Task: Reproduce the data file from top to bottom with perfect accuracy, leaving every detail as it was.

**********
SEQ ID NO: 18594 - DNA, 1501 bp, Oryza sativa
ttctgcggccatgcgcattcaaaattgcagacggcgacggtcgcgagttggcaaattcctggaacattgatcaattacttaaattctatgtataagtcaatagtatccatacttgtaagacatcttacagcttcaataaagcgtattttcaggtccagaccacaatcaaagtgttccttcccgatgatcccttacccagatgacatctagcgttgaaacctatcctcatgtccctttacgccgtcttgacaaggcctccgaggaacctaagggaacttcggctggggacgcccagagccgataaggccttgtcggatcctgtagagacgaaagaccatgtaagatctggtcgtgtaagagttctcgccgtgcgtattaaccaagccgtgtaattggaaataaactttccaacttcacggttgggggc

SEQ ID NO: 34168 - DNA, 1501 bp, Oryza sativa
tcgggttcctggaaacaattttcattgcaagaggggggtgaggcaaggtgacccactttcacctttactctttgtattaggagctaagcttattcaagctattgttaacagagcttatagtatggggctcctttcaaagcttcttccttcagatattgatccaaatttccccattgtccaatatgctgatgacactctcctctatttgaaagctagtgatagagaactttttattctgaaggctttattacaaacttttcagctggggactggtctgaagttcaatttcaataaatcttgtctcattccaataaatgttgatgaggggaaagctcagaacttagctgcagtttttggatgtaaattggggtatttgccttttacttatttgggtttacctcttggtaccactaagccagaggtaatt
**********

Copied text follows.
SEQ ID NO: 18594 - DNA, 1501 bp, Oryza sativa
ttctgcggccatgcgcattcaaaattgcagacggcgacggtcgcgagttggcaaattcctggaacattgatcaattacttaaattctatgtataagtcaatagtatccatacttgtaagacatcttacagcttcaataaagcgtattttcaggtccagaccacaatcaaagtgttccttcccgatgatcccttacccagatgacatctagcgttgaaacctatcctcatgtccctttacgccgtcttgacaaggcctccgaggaacctaagggaacttcggctggggacgcccagagccgataaggccttgtcggatcctgtagagacgaaagaccatgtaagatctggtcgtgtaagagttctcgccgtgcgtattaaccaagccgtgtaattggaaataaactttccaacttcacggttgggggc

SEQ ID NO: 34168 - DNA, 1501 bp, Oryza sativa
tcgggttcctggaaacaattttcattgcaagaggggggtgaggcaaggtgacccactttcacctttactctttgtattaggagctaagcttattcaagctattgttaacagagcttatagtatggggctcctttcaaagcttcttccttcagatattgatccaaatttccccattgtccaatatgctgatgacactctcctctatttgaaagctagtgatagagaactttttattctgaaggctttattacaaacttttcagctggggactggtctgaagttcaatttcaataaatcttgtctcattccaataaatgttgatgaggggaaagctcagaacttagctgcagtttttggatgtaaattggggtatttgccttttacttatttgggtttacctcttggtaccactaagccagaggtaatt